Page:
Life Wellbeing Sydney woman gives away excess designer embryos

Sydney woman gives away excess designer embryos

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A Sydney woman who travelled to the United States to design her own baby is giving away her excess embryos to help childless people.

Natalie Lovett told the ABC’s Australian Story about her plans to create an extended family for her 18-month-old daughter Lexie, but there is a catch.

All the embryo recipients must sign a contract agreeing to an annual reunion with Lexie’s siblings and they must stay in touch via a private Facebook page.

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After trying for seven years to conceive in Australia, Ms Lovett, single and now aged 48, went to the US where she bought donor eggs and sperm.

“It’s kind of a crazy thing, you date and you think about what you want in a partner and all of that – finding a donor is very similar,” Ms Lovett said.

“First thing is, do you physically have some sort of attraction to them?

“So I looked at height. I kind of chose colourings that were similar to myself.”

The Facebook executive also wanted donors with tertiary qualifications and excluded any with extended family who had addictions.

Lexie to meet any future embryo siblings

South Australian woman Fiona Fagan did not believe pregnancy was possible at age 47. Photo: Supplied/ABC

In February, the San Diego clinic where Ms Lovett had the embryo transfer phoned to ask what she wanted to do with the spare embryos.

“I have one perfect daughter and then I’m told I have another 25 embryos that I can either destroy, donate to science or give away,” she said.

“I could never destroy them so I decided to give them to other childless families.”

Ms Lovett – who chose anonymous donors in the US – said because Lexie would not know her donor parents, she wanted her to know her siblings.

With dealings Ms Lovett is already undertaking, Lexie could have as many as 10 embryo siblings in future.

“Having the knowledge that she is not the only one, that she is not this rare and unique individual, that she is from a family in essence, these siblings are out there, to know them, to interact with them [is good],” Ms Lovett said.

“So the contract stipulates that the siblings and families get together once a year, and I hope they honour that. I mean it is yet to be tested.”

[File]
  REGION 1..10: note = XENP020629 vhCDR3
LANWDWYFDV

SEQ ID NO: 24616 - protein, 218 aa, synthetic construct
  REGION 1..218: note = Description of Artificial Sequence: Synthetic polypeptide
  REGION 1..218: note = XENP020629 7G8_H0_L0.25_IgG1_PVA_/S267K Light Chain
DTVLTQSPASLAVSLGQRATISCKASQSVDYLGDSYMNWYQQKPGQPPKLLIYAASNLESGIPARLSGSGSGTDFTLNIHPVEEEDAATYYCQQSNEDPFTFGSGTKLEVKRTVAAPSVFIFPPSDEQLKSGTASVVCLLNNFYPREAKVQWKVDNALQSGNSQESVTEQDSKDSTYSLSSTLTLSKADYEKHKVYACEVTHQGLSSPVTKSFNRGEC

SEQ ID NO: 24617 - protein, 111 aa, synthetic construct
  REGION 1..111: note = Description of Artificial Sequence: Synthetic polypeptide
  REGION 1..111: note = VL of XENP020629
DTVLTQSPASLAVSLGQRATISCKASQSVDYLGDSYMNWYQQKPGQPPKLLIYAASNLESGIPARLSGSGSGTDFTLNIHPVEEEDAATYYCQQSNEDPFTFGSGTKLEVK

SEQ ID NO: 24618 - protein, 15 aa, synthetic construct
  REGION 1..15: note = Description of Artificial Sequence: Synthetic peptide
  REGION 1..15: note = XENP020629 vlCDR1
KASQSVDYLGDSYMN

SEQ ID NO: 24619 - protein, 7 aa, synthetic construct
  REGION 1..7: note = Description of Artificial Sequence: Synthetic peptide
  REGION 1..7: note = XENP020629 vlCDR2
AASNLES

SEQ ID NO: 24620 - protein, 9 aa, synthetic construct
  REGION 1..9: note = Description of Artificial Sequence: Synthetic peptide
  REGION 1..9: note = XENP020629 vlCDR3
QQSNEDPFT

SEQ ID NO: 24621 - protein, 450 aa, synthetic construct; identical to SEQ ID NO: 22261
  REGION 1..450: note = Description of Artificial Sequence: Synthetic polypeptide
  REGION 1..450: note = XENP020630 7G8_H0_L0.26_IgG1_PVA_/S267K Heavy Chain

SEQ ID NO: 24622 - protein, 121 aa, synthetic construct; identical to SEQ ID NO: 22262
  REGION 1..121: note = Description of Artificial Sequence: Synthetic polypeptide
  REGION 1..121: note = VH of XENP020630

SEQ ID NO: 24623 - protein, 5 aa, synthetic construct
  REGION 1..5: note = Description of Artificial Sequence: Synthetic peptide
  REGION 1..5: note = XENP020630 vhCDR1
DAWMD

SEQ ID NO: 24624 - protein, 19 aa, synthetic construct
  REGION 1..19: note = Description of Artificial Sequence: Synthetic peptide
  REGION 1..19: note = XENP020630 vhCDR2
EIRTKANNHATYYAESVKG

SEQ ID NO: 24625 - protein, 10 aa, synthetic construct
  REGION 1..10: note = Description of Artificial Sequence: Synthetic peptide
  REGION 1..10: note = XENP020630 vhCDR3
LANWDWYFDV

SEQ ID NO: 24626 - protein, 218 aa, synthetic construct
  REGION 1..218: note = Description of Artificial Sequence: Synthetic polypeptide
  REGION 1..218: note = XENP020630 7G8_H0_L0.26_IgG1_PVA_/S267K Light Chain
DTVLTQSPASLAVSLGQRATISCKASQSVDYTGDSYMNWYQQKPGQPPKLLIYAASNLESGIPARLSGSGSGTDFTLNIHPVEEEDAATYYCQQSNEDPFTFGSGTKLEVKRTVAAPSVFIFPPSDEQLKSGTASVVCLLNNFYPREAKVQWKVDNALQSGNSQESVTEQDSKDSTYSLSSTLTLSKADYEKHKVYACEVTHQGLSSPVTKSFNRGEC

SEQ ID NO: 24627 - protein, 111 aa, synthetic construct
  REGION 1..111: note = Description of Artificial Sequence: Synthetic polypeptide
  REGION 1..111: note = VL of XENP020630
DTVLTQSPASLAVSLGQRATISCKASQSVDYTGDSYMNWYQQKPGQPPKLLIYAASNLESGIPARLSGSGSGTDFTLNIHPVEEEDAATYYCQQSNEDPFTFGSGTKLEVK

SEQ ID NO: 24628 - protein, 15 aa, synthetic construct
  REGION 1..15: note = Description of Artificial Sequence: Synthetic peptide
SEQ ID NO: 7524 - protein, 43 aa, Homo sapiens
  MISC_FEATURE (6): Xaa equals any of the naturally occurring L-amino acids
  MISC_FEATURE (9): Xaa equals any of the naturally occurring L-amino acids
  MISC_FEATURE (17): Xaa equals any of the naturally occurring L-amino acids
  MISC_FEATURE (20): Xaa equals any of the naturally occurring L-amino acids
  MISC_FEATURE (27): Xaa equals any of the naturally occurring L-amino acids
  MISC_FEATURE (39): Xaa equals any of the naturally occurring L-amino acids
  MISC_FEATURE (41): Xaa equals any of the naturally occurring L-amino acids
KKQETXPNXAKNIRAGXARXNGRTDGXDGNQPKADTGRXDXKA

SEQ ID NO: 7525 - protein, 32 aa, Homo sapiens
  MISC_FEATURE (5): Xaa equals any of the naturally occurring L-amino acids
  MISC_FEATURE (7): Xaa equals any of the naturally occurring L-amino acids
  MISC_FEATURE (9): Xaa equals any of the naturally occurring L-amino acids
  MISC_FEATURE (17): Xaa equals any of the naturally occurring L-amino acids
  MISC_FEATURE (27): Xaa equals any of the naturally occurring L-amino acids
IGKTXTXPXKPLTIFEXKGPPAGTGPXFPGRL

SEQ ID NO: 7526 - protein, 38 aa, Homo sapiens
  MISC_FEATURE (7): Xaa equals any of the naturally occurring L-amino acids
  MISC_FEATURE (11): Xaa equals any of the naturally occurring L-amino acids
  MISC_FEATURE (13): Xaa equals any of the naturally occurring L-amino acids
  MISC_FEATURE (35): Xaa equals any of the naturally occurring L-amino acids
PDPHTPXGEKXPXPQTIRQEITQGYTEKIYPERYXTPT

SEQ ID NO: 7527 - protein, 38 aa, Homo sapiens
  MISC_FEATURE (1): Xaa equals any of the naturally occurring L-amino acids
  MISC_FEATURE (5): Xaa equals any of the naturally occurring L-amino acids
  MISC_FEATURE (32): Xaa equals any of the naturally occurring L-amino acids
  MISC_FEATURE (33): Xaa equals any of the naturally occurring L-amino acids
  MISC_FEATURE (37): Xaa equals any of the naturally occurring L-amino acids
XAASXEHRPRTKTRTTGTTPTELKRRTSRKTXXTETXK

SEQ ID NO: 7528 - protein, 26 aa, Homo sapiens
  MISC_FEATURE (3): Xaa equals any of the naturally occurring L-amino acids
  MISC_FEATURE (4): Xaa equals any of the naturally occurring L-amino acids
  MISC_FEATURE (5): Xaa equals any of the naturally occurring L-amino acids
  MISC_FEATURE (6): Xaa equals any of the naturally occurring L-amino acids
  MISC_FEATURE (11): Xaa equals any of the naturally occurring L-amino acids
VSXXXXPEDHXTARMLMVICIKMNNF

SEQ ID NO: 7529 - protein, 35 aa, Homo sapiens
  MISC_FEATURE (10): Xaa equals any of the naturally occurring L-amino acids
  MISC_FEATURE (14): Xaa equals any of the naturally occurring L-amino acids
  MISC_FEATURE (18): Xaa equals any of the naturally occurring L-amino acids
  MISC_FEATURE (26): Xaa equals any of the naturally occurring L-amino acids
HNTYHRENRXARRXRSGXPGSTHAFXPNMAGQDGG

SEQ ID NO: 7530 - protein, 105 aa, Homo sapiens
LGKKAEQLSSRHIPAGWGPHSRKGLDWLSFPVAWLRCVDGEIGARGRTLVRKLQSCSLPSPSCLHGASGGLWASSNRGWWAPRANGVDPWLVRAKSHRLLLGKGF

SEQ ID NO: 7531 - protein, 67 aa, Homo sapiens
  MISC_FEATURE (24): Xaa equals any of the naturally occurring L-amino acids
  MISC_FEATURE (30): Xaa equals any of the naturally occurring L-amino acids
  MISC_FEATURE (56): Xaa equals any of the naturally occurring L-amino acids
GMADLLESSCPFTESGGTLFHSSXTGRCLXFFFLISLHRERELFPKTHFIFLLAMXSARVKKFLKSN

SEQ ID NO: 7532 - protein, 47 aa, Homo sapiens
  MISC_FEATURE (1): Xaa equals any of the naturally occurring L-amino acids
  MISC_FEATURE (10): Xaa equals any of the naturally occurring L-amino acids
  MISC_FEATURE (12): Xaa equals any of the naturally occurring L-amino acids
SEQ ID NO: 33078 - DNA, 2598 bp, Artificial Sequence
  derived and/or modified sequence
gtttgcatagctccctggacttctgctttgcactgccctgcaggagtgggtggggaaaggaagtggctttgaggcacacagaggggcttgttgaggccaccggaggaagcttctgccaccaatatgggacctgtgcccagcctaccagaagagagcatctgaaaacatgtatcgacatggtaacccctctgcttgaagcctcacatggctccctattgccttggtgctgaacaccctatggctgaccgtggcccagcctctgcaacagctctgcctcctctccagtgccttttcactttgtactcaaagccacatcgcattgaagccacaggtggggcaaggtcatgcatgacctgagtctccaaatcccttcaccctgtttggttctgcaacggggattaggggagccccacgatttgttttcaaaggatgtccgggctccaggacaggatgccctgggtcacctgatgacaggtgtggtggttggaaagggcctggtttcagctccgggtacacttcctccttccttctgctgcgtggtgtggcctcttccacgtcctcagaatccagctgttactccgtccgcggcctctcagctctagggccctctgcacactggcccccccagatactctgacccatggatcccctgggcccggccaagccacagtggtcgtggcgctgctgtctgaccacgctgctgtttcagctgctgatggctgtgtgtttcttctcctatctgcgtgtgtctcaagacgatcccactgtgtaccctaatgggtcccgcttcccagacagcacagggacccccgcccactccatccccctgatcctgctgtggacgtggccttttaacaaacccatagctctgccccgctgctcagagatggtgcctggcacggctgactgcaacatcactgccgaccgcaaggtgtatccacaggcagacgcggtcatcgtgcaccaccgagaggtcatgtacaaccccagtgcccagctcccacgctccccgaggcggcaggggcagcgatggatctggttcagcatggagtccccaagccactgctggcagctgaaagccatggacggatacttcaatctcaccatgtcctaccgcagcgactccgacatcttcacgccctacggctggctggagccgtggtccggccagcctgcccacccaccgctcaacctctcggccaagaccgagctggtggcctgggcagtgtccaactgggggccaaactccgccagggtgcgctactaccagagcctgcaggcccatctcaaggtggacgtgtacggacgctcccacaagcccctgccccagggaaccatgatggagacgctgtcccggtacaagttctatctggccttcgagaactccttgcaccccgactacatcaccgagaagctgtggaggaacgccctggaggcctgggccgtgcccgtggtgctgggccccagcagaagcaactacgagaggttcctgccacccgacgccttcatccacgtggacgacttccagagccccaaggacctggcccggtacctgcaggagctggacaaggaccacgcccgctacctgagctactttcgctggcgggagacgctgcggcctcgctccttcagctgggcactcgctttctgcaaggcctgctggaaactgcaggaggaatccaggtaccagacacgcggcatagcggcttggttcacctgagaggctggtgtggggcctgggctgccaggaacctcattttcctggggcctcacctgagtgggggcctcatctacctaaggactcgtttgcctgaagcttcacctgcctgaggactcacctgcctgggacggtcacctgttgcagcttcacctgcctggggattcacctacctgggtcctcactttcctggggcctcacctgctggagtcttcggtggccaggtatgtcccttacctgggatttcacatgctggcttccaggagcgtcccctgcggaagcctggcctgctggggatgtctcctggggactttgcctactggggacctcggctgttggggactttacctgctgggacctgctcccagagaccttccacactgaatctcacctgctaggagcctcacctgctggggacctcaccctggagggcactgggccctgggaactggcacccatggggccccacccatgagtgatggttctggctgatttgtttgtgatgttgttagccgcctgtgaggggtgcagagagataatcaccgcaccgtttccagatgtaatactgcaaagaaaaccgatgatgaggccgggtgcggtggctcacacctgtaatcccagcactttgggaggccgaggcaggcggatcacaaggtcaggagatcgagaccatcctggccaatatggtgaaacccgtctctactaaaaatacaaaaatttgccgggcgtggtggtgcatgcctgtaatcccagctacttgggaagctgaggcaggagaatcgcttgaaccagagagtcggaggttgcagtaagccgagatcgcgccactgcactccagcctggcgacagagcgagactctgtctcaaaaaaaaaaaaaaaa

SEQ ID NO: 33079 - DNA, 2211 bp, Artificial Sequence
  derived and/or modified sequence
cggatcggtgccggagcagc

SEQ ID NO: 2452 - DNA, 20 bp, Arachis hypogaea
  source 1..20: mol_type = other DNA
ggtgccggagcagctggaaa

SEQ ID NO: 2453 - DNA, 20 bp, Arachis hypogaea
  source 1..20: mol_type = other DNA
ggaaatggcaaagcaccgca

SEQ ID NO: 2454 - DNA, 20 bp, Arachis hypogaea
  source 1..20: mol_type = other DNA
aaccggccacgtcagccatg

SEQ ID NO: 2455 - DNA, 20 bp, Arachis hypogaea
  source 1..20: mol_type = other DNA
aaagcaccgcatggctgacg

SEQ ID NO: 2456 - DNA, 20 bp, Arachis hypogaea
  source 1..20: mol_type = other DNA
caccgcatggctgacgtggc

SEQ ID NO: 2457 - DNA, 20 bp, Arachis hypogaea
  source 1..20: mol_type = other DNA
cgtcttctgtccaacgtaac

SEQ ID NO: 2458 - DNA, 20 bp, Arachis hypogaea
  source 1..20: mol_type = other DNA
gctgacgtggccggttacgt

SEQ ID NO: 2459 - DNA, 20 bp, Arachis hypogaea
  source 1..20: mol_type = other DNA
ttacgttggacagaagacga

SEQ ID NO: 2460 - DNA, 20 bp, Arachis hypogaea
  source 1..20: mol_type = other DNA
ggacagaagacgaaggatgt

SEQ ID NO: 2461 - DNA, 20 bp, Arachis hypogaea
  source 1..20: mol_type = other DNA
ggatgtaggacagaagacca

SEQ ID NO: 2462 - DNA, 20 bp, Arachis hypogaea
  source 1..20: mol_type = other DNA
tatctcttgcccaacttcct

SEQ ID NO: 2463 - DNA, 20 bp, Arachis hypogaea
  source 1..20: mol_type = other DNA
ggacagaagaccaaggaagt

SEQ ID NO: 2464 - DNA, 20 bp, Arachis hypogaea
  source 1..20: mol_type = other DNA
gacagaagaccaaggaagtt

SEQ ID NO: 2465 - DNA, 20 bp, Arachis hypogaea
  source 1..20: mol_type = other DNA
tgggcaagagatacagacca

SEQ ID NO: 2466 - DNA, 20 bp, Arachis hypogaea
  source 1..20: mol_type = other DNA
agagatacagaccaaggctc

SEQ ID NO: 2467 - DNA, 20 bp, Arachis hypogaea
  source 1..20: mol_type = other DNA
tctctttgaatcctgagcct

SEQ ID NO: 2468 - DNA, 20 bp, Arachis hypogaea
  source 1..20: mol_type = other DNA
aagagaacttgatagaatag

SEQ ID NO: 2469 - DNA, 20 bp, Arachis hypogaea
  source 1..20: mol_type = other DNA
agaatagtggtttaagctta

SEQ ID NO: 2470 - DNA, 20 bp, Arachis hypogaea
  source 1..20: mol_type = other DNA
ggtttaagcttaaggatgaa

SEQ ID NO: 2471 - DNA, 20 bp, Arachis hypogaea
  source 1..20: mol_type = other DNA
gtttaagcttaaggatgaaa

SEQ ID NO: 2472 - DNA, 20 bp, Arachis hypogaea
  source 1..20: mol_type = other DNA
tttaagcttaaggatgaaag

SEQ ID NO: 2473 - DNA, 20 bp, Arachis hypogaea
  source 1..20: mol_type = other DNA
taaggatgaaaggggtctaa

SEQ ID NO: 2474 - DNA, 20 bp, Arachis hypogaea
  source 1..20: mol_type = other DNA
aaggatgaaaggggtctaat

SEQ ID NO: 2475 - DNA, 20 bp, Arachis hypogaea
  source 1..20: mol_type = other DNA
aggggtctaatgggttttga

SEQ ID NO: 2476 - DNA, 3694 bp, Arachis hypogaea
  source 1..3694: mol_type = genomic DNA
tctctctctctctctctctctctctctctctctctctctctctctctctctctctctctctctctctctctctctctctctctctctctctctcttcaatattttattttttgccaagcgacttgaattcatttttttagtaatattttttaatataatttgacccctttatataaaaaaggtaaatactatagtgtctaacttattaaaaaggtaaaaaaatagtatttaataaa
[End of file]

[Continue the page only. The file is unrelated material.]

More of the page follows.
Ms Lovett paid a substantial sum to her American egg donor, who is using the money to help put herself through college.

Australian donors cannot be paid

Kate Bourne from the Victorian Assisted Reproductive Treatment Authority said Australian clinics did not use anonymous donors and egg donors were not allowed to be commercially remunerated.

“It wouldn’t be possible for these people to have treatment here using those embryos because they would be in breach of the best practice that we have here because the donors have been paid,” she said.

Fiona Fagan says she could not believe the generosity of Natalie Lovett. Photo: Supplied/ABC

“Also because the people born wouldn’t have the opportunity to find out information about their donors.

“Baby lust is very strong and very powerful, and so people desperately want to become parents. Some people will go to great lengths to travel anywhere to meet that need.”

Ms Bourne said it was possible for women to access eggs in Australia but they needed to be donated and not anonymously.

Last year in Victoria 200 women donated their eggs.

Australian Story followed one of the recipients, South Australian woman Fiona Fagan, through her journey to try and fall pregnant using two of Ms Lovett’s American embryos.

“When Natalie rang me it was like I had won the lottery,” 47-year-old Ms Fagan said.

“I could not believe this was possible, this is actually a possibility, that I could be pregnant and could be a mum with this amazing generosity of Natalie.”

So far Ms Lovett has signed up three recipients, and two are pregnant. They have travelled to a clinic in San Diego to have the embryo transfer.


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